So far, the details surrounding Meghan Markle and Prince Harry's upcoming wedding have been mostly shrouded in secrecy. Other than the fact that Markle will break royal protocol to deliver a wedding speech on her own, and some educated guesses at the guest list, not much else is known about the upcoming May 19 event. One thing is for sure, though: Security will be at an all-time high, especially in the wake of Markle's recent anthrax scare and the racist message she received with it.
Apparently, the cost of the royal wedding could even top $33 million, according to a new report at E! News. That was how much Prince William and Kate Middleton paid for extensive protection back in 2011 for their wedding, which included placing snipers on roofs, crowding the streets with undercover police officers, and conducting investigations months ahead of the event, as E! notes. Considering Markle and Harry have already announced that they'll be partaking in a 2-mile procession across Windsor, it's likely they'll follow suit.
"History has a habit of repeating itself," Dai Davies, former Head of Royal Protection and Chief Superintendent of the Metropolitan Police Service, told E!. "In the last thousand years there hasn't been a King or Queen that someone hasn't tried to murder... Thousands of people will be working on keeping the family and their fans safe. This is a time to be extremely prudent and sensible. Every precaution needs to be taken."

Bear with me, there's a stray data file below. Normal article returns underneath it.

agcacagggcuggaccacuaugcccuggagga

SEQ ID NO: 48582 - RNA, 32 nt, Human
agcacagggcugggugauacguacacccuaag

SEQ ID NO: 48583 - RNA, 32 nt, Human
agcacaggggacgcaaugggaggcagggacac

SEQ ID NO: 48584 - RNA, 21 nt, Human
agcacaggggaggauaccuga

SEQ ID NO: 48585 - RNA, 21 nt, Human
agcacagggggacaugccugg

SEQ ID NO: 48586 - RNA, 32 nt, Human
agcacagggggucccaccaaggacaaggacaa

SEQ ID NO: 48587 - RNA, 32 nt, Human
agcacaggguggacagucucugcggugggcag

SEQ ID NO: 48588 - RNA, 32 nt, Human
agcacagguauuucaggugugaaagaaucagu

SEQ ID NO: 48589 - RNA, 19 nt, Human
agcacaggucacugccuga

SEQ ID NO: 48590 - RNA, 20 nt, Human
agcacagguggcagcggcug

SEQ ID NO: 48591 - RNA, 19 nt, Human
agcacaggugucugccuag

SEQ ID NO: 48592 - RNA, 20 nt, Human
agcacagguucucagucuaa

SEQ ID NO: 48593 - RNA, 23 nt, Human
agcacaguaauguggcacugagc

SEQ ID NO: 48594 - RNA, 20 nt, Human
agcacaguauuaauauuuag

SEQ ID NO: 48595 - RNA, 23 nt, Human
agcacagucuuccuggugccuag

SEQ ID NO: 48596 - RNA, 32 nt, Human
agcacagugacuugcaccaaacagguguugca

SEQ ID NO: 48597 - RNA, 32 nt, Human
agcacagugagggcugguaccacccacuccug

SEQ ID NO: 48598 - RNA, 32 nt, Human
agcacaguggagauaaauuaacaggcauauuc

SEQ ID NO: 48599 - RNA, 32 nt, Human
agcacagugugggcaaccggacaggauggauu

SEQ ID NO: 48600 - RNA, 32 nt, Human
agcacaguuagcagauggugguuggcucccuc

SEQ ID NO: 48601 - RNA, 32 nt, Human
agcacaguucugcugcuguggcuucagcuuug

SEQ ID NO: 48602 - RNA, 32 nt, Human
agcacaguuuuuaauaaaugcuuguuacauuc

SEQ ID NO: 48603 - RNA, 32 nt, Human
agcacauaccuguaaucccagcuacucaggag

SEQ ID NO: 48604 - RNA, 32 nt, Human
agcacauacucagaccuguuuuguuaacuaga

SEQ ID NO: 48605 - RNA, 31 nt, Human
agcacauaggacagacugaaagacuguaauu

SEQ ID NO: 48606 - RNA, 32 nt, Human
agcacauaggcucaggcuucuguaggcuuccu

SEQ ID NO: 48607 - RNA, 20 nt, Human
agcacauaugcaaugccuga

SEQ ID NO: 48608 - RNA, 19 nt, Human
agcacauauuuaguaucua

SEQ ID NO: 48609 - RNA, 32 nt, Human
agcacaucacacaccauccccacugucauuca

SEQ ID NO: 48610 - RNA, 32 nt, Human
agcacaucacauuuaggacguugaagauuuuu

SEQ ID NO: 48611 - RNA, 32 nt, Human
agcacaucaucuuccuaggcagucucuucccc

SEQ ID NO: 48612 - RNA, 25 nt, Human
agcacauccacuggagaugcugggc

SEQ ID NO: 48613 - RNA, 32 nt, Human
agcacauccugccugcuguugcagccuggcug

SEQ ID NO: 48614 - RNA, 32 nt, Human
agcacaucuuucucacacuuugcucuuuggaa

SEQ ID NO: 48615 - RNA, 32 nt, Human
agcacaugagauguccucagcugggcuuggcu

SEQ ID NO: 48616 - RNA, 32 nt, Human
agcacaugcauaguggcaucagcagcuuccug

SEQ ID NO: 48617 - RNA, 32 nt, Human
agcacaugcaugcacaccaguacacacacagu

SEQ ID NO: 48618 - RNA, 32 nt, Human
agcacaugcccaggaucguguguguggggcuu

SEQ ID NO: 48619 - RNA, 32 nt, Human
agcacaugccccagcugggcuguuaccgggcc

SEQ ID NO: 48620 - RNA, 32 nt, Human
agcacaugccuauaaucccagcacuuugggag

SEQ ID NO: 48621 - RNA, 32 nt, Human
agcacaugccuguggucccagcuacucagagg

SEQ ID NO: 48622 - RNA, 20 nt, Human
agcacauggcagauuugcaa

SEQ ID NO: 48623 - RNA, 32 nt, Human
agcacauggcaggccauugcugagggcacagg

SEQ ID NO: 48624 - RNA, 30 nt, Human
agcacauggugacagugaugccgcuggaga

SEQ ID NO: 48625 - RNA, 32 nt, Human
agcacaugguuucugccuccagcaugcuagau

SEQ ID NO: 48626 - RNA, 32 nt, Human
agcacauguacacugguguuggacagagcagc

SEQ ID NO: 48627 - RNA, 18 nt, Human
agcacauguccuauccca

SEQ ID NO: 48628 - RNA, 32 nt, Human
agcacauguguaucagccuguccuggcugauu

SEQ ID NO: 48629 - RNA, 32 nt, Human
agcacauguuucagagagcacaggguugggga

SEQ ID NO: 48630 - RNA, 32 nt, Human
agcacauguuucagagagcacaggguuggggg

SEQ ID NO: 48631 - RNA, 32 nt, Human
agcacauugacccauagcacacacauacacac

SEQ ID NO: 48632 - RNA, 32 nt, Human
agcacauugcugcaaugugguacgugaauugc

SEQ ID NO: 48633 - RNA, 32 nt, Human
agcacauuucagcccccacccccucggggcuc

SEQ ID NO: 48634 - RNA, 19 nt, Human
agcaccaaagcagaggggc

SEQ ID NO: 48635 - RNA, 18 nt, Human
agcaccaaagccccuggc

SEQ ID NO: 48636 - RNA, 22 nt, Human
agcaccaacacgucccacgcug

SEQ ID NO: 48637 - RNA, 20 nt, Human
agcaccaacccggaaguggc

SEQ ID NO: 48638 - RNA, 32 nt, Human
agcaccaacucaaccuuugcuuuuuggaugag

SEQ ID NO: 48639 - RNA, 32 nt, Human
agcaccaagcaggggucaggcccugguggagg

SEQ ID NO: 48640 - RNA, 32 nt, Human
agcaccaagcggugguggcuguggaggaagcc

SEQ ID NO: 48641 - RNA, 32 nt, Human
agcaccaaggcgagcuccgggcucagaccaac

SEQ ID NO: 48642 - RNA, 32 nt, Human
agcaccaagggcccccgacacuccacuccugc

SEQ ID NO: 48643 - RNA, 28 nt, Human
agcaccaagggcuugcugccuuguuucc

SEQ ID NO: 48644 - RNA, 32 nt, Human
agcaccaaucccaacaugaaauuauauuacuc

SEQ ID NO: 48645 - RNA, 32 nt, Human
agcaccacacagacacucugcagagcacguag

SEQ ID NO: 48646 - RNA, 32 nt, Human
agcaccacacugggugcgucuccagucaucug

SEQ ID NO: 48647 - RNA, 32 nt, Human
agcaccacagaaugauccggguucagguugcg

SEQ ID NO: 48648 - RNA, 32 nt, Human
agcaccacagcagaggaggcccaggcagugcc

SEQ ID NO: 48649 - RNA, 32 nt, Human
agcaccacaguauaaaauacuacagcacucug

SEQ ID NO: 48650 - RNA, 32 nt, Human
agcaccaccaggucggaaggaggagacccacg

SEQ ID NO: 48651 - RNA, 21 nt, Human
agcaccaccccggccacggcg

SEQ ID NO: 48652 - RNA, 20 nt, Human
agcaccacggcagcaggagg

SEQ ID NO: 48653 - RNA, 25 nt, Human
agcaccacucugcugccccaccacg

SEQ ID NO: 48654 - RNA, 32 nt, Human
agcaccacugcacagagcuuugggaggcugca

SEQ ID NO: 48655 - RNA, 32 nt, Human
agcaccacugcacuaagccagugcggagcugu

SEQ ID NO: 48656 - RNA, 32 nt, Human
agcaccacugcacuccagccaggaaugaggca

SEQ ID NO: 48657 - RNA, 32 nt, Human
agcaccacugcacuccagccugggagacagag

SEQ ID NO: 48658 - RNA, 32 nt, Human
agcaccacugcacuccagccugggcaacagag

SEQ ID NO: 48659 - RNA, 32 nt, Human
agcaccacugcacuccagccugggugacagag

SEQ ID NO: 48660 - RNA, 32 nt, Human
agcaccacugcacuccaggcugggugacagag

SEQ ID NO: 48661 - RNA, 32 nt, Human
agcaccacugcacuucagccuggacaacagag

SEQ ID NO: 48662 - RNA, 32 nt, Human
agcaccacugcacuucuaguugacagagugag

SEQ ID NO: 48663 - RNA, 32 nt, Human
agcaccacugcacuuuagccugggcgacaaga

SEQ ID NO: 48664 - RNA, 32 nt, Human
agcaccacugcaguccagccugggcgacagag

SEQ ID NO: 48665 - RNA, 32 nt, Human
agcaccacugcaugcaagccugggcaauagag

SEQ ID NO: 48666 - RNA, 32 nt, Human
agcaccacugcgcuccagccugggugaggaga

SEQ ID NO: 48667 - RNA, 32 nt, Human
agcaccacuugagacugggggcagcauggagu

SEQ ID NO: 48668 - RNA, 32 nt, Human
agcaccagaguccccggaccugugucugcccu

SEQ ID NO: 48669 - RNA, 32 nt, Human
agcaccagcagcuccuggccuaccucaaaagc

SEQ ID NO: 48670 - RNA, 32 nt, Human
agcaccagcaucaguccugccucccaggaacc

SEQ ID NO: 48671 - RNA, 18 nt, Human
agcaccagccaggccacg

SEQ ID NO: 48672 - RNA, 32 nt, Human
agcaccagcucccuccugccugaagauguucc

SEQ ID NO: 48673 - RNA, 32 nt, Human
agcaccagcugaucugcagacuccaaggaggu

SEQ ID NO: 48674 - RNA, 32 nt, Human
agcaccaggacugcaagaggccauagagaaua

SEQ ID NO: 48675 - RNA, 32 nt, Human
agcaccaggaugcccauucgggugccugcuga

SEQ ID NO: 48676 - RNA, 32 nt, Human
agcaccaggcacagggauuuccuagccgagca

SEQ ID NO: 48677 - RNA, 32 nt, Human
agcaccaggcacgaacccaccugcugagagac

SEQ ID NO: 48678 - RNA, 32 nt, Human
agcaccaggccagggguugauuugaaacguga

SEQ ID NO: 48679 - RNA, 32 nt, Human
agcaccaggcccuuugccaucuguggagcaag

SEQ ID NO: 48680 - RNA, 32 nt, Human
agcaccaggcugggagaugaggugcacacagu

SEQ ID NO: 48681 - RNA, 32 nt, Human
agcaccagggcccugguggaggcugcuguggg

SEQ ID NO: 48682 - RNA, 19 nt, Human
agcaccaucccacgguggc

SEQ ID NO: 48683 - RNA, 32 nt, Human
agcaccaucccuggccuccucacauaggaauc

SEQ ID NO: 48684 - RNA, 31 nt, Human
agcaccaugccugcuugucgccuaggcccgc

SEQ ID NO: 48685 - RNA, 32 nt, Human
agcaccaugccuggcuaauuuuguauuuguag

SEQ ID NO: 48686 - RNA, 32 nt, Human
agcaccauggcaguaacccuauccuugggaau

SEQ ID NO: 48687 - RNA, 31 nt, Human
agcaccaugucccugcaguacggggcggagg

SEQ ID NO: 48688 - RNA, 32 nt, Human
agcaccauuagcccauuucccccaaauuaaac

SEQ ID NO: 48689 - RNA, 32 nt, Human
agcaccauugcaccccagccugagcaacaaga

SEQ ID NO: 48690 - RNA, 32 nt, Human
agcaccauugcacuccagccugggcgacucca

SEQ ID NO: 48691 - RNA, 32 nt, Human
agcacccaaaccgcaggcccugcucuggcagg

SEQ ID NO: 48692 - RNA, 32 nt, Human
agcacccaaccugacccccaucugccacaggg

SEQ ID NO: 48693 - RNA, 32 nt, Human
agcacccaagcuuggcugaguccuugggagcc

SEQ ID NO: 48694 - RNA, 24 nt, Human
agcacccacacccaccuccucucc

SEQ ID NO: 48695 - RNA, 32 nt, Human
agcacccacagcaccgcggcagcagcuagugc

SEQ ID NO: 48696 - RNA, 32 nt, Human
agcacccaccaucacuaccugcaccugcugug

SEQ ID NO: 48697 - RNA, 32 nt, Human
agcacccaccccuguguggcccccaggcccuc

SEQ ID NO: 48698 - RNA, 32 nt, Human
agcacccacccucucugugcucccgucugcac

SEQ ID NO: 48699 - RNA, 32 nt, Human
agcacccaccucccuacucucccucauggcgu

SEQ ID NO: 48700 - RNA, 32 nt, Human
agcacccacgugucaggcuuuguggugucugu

Part of the issue is that Windsor is "a much harder area to secure than London, which is so much better prepared," says Davies. "In Windsor, there are shops, buildings, houses, you name it and there is a history of people trying to get into Windsor Castle... The greatest risk comes from those people that we call 'fixated', i.e., mentally ill people, who could think, for whatever reason, that a white prince shouldn't marry a black woman. Clearly 99 percent of the population are deliriously happy about that but you could get a small right-wing fascist group who may object to it, so that adds to your problem. I don't know how they are going to secure it [Windsor] to the level that I would want, but clearly, much wiser people are now doing the job and I'm sure they'll come up with a plan."
Despite the amount of security that will be involved, though—which Markle has become accustomed to as she's currently being guarded 24-hours-a-day—it's likely that it won't faze the bride and groom. "You can't turn the palaces into prisons," Davies says. "William and Harry have grown up with protection all their lives so they are used to this. And for Meghan, well, she has been going out with Harry for quite a while. She's a very bright and intelligent lady so I have no doubt she is taking to all of this like a duck to water."